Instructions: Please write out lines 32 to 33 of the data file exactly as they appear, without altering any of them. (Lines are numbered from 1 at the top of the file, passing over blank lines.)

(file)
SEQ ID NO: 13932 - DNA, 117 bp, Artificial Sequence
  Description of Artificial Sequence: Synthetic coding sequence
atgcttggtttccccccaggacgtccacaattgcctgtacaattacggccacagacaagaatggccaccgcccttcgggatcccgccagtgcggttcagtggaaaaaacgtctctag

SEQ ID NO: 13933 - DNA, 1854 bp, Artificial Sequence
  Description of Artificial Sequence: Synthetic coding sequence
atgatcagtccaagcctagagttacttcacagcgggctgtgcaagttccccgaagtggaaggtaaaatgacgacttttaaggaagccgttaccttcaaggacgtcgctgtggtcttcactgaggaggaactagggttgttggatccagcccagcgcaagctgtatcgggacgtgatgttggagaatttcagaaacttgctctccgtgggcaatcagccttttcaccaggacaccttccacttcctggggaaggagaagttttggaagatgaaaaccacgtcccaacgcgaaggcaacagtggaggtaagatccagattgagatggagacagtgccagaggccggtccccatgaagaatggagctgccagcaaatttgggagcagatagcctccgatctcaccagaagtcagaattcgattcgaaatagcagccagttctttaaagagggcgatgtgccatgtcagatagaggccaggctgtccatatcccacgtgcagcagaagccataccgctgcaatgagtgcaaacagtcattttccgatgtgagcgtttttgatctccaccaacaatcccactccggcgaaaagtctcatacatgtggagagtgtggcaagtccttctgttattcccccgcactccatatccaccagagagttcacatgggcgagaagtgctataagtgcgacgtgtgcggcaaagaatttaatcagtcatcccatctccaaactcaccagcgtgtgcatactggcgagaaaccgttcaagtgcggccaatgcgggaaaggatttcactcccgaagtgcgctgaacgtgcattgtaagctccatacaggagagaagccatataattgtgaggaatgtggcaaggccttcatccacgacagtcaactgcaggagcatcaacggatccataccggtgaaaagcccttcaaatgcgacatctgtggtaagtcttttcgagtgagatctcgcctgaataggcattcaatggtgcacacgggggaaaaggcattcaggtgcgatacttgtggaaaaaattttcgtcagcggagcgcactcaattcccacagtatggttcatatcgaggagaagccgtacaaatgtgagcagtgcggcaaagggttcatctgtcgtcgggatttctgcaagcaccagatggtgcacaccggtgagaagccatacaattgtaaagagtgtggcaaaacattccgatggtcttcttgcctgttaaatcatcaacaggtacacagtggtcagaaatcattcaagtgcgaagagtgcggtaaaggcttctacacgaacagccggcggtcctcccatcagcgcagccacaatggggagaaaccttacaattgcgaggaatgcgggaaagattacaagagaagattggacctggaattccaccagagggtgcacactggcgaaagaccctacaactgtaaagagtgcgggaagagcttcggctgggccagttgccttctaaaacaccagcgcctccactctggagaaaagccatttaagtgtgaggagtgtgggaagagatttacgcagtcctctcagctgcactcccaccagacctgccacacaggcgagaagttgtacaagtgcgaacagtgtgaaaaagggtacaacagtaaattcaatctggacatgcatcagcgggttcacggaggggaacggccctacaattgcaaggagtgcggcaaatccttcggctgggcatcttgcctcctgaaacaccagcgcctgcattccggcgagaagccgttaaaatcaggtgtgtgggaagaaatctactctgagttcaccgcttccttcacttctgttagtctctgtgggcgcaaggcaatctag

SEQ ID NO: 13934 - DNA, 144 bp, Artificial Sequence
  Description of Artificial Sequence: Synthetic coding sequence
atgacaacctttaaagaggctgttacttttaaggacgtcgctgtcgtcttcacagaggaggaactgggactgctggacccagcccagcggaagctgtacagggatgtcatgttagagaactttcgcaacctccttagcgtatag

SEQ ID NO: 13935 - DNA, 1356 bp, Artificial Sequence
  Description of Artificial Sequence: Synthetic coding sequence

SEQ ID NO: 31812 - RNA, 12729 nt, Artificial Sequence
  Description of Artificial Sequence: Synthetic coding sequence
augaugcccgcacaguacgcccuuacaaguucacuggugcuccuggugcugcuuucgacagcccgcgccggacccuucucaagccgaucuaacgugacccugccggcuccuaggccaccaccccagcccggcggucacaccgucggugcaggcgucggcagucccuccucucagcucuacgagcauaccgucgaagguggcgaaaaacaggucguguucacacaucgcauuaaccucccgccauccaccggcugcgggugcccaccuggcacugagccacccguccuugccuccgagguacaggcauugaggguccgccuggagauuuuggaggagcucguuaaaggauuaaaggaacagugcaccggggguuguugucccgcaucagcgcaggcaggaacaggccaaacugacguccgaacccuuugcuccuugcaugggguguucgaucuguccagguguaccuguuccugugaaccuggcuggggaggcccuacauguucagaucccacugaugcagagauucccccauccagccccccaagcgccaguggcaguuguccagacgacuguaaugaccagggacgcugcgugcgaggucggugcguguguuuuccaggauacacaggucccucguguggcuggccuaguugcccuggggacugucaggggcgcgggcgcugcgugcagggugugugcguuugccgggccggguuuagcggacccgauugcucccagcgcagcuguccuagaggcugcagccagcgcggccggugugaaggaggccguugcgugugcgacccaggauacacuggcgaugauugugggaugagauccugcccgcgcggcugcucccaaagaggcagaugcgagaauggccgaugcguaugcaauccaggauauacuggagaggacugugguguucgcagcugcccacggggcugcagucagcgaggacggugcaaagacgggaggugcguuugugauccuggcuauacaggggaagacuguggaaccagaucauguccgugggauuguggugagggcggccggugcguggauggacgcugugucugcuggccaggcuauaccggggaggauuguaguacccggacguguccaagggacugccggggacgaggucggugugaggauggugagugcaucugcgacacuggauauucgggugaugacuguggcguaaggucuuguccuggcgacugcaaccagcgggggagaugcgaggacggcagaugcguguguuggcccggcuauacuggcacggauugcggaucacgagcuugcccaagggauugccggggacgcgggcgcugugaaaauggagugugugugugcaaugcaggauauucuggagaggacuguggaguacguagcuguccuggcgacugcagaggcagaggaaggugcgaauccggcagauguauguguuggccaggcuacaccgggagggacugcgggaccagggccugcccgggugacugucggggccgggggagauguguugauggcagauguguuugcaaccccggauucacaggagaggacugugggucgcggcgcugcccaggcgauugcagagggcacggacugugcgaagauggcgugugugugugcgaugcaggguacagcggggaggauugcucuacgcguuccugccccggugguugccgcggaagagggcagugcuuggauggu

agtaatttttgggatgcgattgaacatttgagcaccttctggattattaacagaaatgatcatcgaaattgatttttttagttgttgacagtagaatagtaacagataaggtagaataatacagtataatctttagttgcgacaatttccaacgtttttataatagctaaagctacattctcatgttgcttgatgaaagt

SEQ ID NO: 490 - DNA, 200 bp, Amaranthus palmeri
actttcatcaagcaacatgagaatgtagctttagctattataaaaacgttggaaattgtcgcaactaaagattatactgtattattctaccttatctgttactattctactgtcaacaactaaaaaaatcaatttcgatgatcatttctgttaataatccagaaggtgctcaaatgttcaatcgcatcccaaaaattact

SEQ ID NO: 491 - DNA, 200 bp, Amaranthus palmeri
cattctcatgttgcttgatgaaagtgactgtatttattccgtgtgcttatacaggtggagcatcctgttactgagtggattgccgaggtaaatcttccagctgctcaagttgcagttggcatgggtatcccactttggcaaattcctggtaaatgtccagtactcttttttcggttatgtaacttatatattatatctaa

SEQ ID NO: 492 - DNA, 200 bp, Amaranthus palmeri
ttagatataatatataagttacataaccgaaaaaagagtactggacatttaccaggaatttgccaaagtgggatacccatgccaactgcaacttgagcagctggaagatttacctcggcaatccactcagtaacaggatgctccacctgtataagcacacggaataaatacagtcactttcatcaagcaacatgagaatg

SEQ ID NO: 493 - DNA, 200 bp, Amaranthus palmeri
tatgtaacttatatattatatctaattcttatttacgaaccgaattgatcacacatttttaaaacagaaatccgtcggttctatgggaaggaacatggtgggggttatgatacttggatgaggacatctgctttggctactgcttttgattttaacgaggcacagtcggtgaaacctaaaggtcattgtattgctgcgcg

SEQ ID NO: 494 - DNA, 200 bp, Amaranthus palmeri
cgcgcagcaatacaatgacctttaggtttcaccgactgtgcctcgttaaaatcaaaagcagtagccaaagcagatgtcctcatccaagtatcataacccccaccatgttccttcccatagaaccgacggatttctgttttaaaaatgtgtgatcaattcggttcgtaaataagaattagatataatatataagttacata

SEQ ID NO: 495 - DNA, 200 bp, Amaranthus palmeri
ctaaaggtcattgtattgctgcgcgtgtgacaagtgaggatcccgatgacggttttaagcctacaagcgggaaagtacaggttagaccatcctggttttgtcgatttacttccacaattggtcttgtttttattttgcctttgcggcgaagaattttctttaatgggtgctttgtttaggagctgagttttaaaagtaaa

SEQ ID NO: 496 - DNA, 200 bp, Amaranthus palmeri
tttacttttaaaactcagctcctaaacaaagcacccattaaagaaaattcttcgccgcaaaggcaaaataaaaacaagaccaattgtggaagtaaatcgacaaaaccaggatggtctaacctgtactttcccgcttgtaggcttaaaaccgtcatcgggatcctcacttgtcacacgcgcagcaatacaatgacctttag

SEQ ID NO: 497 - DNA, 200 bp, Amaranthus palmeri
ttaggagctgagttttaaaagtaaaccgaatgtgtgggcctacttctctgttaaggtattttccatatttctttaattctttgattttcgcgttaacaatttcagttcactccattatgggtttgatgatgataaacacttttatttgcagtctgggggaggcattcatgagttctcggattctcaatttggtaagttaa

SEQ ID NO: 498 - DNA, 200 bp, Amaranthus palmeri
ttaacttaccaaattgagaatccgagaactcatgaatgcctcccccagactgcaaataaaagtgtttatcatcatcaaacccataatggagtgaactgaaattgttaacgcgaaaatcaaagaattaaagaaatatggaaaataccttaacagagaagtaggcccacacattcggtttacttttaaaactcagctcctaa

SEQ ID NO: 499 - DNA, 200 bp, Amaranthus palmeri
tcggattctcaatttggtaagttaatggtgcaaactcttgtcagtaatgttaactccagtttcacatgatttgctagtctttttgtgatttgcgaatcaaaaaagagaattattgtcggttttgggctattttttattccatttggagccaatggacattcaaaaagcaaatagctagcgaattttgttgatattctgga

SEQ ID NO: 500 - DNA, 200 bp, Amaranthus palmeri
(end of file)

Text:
SEQ ID NO: 498 - DNA, 200 bp, Amaranthus palmeri
ttaacttaccaaattgagaatccgagaactcatgaatgcctcccccagactgcaaataaaagtgtttatcatcatcaaacccataatggagtgaactgaaattgttaacgcgaaaatcaaagaattaaagaaatatggaaaataccttaacagagaagtaggcccacacattcggtttacttttaaaactcagctcctaa